In their Guardian article, Preston and Vierboom identified several factors that contribute substantially the US excess. I have made approximate estimates of the contributions of these factors using estimates from the Global Burden of Disease 2019 update (IHME GBD2019) of death rates by age and sex for the six countries for drug overdose, suicide, homicide, deaths attributable to overweight and obesity, deaths attributable to alcohol and drug use.

The 2019 age-sex specific percentages of deaths attributable to these causes were also applied to the 2020 non-Covid mortality estimates. Numbers for drug use were adjusted to reflect a 13% increase in drug overdose deaths in 2020 compared to 2019, an approximately 25% increase in homicide deaths and a 5% decrease in suicide deaths.

Unlike the USA, all the European countries have universal healthcare insurance. The number of working age Americans without health insurance rose from 38.7 million under age 65 in 2000 to 46.5 million in 2010 and then dropped to around 26 million following the introduction of Obamacare. Around 1% of Americans aged 65 or more are also uninsured. The number uninsured has risen to around 30 million in 2020 due to Republican efforts to restrict and dismantle Obamacare. I used an estimate of the hazard ratio for mortality among the uninsured compared with the insured, of 1.4 to calculate the excess mortality among the uninsured. This figure includes adjustments for age, sex, body mass index, alcohol use, smoking, and a number of other factors. The ratio was 1.8 adjusted for age and sex only.

In addition to the uninsured, a substantial number of Americans are underinsured, defined as having out-of-pocket and deductible expenses greater than 10% of their income. Apart from substantial problems with debt, around half of the underinsured do not get needed care because of cost and there are associated excess deaths (see here and here). The number of Americans underinsured has risen from around 16 million prior to Obamacare to around 30 million in 2020. I assume a mortality ratio of 1.1 among the underinsured.  

Figure 4 shows the approximate contributions of overweight and obesity, drug use and overdose, suicide, homicide, lack of health insurance and Covid to the US excess deaths relative to the European standard. Together these six factors account for around 80% of the excess deaths. Excess deaths due to alcohol use were not included as a separate factor in this graph because European and US death rates were quite similar, and the alcohol excess was small and actually negative in 2000.

For 2020, the leading cause of excess deaths was overweight and obesity (around 154,000 deaths), followed by Covid-19 (136,000 deaths), drug use and overdose (103,000 deaths) and lack of health insurance (74,000 deaths). Excess deaths due to homicide and suicide were smaller at 20,200 and 11,200 respectively. If the USA had the European standard death rates for gun homicides and gun suicides, it would have 15,900 fewer gun homicides and 19,200 fewer gun suicides. Around 42% of the latter would still commit suicide by other means.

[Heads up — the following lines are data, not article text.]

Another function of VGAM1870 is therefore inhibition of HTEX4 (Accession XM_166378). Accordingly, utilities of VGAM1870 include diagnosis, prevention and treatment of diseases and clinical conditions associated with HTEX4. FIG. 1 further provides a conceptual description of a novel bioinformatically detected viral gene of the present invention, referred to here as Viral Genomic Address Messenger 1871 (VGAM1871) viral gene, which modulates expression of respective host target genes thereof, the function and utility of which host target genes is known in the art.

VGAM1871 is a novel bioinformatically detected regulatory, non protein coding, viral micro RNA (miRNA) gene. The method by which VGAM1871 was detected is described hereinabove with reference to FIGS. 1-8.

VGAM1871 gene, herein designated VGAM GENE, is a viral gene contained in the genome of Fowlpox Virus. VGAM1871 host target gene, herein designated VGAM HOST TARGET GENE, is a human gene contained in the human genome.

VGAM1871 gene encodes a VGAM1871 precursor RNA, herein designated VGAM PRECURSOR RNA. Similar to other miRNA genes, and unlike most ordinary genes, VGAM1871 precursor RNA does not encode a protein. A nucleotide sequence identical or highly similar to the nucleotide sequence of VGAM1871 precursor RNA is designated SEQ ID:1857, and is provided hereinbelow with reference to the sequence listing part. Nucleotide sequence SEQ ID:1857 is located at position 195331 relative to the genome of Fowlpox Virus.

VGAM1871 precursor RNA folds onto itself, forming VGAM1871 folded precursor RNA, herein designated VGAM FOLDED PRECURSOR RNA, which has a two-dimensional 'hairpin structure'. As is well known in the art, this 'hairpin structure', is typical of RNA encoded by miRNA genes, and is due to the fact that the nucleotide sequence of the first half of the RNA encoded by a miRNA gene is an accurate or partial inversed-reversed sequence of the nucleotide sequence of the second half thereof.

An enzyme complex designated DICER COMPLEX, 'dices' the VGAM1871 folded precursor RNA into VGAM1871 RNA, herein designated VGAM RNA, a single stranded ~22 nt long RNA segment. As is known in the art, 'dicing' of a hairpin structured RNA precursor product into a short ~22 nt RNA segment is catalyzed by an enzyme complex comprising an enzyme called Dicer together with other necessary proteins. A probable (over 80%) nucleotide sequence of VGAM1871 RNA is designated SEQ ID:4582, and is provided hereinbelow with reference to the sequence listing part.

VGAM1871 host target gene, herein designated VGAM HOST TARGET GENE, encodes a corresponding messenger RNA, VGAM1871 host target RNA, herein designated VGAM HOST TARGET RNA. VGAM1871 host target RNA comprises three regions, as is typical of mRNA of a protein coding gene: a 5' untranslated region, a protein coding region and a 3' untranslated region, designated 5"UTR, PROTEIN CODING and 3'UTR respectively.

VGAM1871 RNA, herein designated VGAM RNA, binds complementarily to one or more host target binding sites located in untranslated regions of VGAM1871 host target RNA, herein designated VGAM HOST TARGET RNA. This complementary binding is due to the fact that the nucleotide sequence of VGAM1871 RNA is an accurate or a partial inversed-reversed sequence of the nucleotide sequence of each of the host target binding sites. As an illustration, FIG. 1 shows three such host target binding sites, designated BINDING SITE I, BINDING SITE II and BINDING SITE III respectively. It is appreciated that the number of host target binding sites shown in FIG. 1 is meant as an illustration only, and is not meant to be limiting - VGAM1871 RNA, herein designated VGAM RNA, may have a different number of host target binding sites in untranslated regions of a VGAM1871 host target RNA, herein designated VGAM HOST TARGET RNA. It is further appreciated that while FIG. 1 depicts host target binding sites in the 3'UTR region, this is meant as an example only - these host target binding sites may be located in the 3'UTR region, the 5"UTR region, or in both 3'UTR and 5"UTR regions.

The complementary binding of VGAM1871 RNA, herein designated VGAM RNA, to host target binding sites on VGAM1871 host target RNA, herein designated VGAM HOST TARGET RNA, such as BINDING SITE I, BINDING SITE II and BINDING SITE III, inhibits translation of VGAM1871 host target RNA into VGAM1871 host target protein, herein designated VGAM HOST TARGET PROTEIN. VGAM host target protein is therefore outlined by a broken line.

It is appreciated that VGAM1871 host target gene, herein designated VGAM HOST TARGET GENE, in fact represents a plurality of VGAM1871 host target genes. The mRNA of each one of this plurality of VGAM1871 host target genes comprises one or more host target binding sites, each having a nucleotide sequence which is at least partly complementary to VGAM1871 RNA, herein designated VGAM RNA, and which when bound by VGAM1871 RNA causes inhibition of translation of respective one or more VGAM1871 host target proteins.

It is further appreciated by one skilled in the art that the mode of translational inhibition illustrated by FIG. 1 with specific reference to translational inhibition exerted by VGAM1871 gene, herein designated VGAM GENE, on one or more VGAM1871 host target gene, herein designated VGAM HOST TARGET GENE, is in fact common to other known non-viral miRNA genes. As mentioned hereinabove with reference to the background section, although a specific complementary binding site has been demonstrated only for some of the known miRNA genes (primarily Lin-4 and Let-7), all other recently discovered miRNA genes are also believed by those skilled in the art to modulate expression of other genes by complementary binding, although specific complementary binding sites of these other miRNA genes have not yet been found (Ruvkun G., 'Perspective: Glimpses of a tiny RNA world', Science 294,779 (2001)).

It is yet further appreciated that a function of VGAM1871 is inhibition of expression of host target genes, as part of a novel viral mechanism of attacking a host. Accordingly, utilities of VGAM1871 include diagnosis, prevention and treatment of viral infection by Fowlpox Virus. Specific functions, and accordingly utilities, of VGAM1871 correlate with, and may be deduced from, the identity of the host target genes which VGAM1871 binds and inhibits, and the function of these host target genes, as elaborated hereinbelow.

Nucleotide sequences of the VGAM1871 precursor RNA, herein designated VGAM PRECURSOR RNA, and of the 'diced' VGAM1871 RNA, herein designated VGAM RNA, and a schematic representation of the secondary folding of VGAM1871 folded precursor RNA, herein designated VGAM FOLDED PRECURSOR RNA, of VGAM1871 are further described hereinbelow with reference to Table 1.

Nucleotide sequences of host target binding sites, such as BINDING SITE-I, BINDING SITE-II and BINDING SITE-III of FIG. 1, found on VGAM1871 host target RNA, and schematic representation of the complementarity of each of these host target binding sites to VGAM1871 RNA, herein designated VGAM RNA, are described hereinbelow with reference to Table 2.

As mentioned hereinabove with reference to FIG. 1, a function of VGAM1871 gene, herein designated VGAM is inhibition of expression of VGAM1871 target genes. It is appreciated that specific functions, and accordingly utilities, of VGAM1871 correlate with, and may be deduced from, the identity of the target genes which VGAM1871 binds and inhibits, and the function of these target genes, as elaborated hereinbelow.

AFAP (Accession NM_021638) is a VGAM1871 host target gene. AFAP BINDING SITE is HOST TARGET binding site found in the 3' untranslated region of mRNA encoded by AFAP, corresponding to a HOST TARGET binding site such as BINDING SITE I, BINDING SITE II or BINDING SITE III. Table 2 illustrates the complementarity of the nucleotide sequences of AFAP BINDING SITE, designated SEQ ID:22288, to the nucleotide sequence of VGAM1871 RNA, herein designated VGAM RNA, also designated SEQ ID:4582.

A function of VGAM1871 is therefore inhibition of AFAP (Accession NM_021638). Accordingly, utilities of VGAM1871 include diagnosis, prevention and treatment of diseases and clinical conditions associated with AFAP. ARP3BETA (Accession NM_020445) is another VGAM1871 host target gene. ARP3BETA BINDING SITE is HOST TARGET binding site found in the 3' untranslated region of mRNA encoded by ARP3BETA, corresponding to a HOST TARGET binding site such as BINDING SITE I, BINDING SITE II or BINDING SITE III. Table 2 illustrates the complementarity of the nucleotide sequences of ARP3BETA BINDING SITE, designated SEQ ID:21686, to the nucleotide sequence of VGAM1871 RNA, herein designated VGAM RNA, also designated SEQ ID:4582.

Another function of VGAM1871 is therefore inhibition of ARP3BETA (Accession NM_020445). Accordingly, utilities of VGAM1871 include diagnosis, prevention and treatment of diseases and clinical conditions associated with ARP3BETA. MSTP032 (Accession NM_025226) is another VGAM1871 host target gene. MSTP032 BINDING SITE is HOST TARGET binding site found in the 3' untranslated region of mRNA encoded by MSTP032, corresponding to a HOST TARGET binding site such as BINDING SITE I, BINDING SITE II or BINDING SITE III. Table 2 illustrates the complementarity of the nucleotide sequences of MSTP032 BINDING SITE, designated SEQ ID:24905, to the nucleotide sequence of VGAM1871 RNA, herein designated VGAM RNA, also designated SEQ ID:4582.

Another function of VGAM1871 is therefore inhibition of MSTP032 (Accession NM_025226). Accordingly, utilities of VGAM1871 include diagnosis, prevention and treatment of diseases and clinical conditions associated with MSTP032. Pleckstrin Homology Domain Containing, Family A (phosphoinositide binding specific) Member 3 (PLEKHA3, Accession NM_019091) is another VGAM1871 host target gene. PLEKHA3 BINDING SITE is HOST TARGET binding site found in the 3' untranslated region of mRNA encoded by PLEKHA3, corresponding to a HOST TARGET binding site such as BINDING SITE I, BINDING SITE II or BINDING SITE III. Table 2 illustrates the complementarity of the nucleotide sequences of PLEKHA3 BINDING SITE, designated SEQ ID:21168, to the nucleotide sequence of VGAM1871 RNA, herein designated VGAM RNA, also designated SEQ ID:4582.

Figure 4 also illustrates the dramatic rise in drug overdose deaths, the vast majority due to opioids both prescription and illicit, which has occurred over the last decade. In a previous post, I examined this in more detail and noted that, in 2019, the USA accounted for an astonishing 40% of estimated global drug deaths.

Figure 5 shows the age distribution of each of the six factors contribution to total excess deaths in 2020. Not surprisingly, excess deaths due to drug use fall predominantly among younger adults, whereas deaths due to overweight and obesity fall more in later middle and older ages.

Excluding excess Covid deaths, there were almost half a million excess deaths in the USA in 2020 compared to the US standard. While overweight and obesity is not an easy problem to address, the European experience shows that substantial reductions in excess death can be achieved through introduction of universal health insurance, effective public health and other policies relating to drug use, and effective gun control. Overall, the excess deaths resulted in a life expectancy reduction for Americans of 4.3 years for males and 5.8 years for females, in 2019 before Covid caused extra reductions – see the final figure below.

Note: Most of the estimates for 2019 and 2020 in this post are based on provisional figures and have varying degrees of uncertainty. I plan to refine and improve some of the inputs and calculations, and final results may change a little. The big picture is unlikely to change significantly. In particular, the estimated total Covid deaths for 2020 may change as improved analyses are carried out on complete death registration data. The US had a significant rise in death rates for causes other than Covid-19 in 2020 and some of this may turn out to be undiagnosed Covid deaths. This will not make major differences to the provisional decomposition shown above.